Writing and Communicating your Science - an IAA-CSIC Severo Ochoa Workshop

Salón de Actos (IAA-CSIC)

Salón de Actos



Tutors: Henri Boffin (ESO) and Johan Knapen (IAC)

Five half days (mornings) at the Instituto de Astrofísica de Andalucía (IAA-CSIC)

There is no science without communication and no successful scientists without good writing and communication skills. You can do the best science that exists, if you don’t write papers about it – papers that get cited! ­– and if you don’t give presentations that impress people, your science will likely be ignored. Moreover, if you do not write convincing proposals that appeal to non-specialists, you won’t get observing time, nor the coveted post-doc position and certainly not the very competitive but needed grants to fund your research. Finally, as a scientist, it is your duty and privilege to communicate your science to the general public, policy makers and the media, and like all the rest, this is something that needs to be learned. 

This course is an introduction about how to get your message across in the various supports you need to use as a scientist. It is aimed are junior scientists who are writing their first papers, but will also be helpful for colleagues with more experience. The skills learned in this course will be more generally applicable as well, whether or not you not plan to build a further career as an academic.

The course will be split in five sessions combining two hours of lectures and 1.5 hours of exercises. During the course and the exercises, you will refer to your own writing when we discuss items like title, abstract, introduction, or paragraph and sentence structure, so bring with you your latest paper, whether in early draft form or submitted to a journal.


1. How to write your papers (Sessions 1-3) 

Humans like stories, and so do scientists. This is the only way to attract readers and keep them reading (or listening). So how to transform your science in a story? And how to write the story in a clear and precise way? How do you put emphasis? 

We will start by analising how you catch a reader’s attention in our current era of information overload, and highlight the importance of title and abstract.

In addition, you will study the optimum structure of a paper: where and how do you provide the information?

You will also learn to optimally structure your text, from the entire text down to the paragraphs down to the individual sentences, thereby writing for the reader. We will highlight some grammar rules you need to know so that you will write papers that are pleasant to read.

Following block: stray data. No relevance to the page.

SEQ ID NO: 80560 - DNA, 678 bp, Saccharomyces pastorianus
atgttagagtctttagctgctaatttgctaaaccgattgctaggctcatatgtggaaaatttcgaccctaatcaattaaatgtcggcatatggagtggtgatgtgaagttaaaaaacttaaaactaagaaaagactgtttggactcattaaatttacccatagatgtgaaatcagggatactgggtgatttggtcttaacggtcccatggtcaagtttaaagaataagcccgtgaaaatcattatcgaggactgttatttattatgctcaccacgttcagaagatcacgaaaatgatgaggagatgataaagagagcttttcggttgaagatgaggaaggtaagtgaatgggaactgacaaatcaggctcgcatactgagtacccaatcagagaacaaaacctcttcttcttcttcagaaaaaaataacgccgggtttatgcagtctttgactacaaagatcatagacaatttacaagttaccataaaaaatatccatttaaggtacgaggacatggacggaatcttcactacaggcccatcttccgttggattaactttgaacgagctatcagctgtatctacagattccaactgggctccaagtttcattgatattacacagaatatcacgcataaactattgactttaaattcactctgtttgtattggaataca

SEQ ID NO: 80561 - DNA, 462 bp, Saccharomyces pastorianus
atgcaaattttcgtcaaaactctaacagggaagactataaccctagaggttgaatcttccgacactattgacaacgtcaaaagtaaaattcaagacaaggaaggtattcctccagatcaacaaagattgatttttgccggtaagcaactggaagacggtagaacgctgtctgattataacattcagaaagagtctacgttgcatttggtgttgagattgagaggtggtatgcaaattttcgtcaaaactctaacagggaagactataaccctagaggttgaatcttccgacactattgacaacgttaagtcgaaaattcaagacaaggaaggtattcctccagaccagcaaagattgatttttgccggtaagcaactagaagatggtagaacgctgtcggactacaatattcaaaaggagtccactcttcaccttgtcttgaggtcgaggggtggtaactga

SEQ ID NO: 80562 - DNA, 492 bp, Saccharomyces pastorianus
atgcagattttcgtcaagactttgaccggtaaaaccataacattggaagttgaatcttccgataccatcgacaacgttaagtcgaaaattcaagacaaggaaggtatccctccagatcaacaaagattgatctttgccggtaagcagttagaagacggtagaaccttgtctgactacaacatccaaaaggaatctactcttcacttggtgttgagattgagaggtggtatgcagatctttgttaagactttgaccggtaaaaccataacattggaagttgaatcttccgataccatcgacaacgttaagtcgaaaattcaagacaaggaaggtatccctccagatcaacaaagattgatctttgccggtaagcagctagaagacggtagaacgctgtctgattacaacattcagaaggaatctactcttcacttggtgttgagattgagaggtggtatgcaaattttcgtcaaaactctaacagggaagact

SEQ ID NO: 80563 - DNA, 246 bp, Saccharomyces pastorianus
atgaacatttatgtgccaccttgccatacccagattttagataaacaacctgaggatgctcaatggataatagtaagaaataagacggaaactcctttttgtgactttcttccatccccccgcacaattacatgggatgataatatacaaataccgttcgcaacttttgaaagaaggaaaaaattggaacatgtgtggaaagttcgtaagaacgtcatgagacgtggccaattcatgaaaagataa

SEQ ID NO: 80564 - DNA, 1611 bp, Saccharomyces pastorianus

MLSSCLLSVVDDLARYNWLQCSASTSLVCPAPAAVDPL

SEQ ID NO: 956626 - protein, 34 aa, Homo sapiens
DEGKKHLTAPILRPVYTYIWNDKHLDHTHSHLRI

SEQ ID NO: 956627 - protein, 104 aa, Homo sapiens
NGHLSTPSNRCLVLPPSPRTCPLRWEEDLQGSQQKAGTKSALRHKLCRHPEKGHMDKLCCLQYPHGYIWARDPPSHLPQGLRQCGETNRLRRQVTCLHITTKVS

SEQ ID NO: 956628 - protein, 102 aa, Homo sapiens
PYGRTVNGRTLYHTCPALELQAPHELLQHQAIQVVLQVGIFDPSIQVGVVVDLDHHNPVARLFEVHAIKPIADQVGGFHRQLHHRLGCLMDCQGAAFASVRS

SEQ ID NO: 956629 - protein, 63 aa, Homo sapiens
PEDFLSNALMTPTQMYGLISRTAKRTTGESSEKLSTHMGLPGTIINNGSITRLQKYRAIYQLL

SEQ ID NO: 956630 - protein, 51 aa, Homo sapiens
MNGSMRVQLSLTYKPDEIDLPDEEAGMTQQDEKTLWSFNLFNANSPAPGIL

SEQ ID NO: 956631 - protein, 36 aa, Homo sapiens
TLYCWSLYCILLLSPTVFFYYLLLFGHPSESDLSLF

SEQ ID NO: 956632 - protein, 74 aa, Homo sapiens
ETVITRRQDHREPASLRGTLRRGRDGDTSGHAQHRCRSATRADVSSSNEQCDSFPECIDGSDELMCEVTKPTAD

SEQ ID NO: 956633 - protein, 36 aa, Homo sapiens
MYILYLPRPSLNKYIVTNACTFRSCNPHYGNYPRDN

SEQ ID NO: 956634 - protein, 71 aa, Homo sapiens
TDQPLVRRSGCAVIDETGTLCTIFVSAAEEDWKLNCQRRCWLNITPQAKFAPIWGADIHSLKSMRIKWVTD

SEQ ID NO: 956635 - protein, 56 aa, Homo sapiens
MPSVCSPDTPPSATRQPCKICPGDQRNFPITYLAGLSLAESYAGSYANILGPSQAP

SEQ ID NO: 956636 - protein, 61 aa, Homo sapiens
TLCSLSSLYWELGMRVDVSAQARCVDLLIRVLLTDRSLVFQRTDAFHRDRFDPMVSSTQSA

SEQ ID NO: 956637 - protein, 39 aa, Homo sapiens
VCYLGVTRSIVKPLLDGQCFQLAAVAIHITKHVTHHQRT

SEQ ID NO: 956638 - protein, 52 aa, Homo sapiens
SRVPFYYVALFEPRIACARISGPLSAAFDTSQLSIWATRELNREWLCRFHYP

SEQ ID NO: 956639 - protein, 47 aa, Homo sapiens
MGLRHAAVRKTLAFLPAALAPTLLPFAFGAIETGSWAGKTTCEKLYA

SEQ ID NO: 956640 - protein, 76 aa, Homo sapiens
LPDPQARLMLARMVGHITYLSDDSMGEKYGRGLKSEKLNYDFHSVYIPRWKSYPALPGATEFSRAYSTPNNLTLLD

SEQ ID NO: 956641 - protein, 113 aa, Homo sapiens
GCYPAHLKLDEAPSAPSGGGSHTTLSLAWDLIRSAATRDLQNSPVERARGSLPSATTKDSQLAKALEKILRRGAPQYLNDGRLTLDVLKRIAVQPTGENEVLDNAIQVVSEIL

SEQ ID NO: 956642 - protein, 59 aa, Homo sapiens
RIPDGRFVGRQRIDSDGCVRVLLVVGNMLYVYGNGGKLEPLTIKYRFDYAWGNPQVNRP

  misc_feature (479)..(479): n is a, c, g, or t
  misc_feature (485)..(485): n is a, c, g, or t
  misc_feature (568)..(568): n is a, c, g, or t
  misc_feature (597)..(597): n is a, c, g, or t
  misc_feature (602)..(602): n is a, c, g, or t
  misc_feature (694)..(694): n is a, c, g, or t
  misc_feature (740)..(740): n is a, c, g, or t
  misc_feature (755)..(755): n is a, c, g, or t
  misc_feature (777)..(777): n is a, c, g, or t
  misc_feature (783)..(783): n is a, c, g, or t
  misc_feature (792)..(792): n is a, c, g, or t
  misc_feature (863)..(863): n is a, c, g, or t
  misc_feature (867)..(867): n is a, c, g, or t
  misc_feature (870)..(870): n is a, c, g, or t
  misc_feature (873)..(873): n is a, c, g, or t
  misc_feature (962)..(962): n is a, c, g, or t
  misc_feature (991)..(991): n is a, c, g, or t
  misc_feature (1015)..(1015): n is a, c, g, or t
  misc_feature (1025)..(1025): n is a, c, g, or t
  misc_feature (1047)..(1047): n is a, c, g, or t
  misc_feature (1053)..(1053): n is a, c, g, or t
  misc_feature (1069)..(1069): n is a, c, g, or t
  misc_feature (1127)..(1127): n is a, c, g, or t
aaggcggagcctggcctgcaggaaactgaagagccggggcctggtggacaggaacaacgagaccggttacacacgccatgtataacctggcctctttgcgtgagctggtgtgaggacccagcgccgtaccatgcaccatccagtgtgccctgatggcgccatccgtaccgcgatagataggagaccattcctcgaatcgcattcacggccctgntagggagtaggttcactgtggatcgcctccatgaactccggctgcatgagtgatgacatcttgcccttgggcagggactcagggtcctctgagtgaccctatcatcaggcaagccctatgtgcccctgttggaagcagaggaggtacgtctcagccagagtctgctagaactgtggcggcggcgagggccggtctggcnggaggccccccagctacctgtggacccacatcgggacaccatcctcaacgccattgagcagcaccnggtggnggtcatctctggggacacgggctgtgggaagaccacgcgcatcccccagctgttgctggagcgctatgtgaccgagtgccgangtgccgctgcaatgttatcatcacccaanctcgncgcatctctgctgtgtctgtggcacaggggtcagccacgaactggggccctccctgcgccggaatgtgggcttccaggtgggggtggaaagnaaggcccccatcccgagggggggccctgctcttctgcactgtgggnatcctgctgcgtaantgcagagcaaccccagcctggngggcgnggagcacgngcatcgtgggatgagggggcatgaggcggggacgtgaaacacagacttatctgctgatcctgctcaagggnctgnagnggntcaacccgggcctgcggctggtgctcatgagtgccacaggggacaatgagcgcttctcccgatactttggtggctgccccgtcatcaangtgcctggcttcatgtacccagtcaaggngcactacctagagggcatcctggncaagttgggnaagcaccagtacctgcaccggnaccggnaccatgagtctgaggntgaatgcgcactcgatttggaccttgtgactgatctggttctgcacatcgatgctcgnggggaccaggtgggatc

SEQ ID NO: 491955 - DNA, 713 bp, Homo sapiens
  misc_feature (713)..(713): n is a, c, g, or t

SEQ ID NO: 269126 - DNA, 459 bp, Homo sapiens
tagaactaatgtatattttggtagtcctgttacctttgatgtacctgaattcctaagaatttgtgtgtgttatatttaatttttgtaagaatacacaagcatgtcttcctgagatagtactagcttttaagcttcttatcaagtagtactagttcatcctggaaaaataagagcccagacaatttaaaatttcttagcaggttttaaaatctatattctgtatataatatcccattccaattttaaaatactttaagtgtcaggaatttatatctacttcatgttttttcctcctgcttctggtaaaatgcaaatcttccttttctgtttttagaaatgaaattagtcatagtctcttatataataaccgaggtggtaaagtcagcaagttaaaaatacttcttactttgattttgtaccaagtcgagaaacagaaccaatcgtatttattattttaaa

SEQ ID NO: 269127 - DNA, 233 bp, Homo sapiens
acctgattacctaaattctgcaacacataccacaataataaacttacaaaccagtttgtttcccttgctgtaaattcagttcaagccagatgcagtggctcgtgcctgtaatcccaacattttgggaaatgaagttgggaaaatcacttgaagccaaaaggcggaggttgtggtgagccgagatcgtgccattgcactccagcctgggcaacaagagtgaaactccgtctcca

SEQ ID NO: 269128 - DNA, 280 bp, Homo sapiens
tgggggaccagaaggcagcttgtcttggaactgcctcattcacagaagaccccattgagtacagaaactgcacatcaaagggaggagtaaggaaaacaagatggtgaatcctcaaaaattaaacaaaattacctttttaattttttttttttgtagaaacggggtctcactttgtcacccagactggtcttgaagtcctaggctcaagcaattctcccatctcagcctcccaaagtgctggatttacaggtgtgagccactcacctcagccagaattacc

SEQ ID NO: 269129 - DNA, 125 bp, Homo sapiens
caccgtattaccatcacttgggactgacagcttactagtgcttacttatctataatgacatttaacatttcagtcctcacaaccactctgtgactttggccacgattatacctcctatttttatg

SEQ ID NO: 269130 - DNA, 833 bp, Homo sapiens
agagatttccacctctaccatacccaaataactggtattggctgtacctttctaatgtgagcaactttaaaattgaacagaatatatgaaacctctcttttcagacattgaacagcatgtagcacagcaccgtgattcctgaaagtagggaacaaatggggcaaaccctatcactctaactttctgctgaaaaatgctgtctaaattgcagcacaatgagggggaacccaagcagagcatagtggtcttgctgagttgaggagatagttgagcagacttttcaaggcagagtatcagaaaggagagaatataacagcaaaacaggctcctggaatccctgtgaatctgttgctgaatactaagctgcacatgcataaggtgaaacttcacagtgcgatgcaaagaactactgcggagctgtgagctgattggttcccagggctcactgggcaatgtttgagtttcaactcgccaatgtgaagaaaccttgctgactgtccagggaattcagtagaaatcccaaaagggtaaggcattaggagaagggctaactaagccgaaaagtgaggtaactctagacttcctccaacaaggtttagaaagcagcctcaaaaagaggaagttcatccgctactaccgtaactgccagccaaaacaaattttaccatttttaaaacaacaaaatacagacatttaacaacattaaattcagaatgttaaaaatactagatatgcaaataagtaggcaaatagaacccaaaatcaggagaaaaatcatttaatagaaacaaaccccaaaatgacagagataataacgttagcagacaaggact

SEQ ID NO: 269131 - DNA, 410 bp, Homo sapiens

The use of tools like ChatGPT will also be discussed critically. 

2. How to write a proposal? (Session 4)

Whether you want to get observing time on big telescopes, access to supercomputers, apply for a post-doc position or a prestigious fellowship, get a tenured job, or get funding for your research, you will need to write proposals. And they need to stand out in order to be successful. In this session, you will learn the recipes to follow and the pitfalls to avoid. 

3. Presentations and other communication channels (Session 5)

It is hard to imagine a successful scientist that doesn’t give great talks. The key to this is to practice and practice, but also to make sure to apply a few rules, which you will learn during this session.


Papers, presentations, and proposals are the most important way in which scientists communicate their research results to their peers. They are, however, not the only ones. Moreover, scientists need also to communicate with journalists and the public, and this can take several forms. We will explore the various communication channels, including social media, that you should consider as a scientist and how to excel at them.

For background reading, we recommend these Perspective papers in Nature Astronomy: 


Please register as a participant for "Writing and Communicating your Science" through this link:

There will be a limit of 40 participants. In case of oversubscription we will, in general, follow a "first come, first serve" policy, but the organisers reserve the right to modify the order of the list to optimise diversity (senior/juior/student, gender, etc.). Up to 15 slots will be reserved for participants from the IAA-CSIC.

The registration fee is 175 euros. Since this is a workshop organised by the Severo Ochoa Excellence Program of the IAA-CSIC, participants from the IAA may obtain a discount. The fee will serve to cover the costs of the tutors and coffee breaks.


This event is supported by the "Center of Excellence Severo Ochoa" award to the Instituto de Astrofísica de Andalucía. We acknowledge financial support from the Severo Ochoa grant CEX2021-001131-S funded by MCIN/AEI/ 10.13039/501100011033 from the Instituto de Astrofísica de Andalucía.

The agenda of this meeting is empty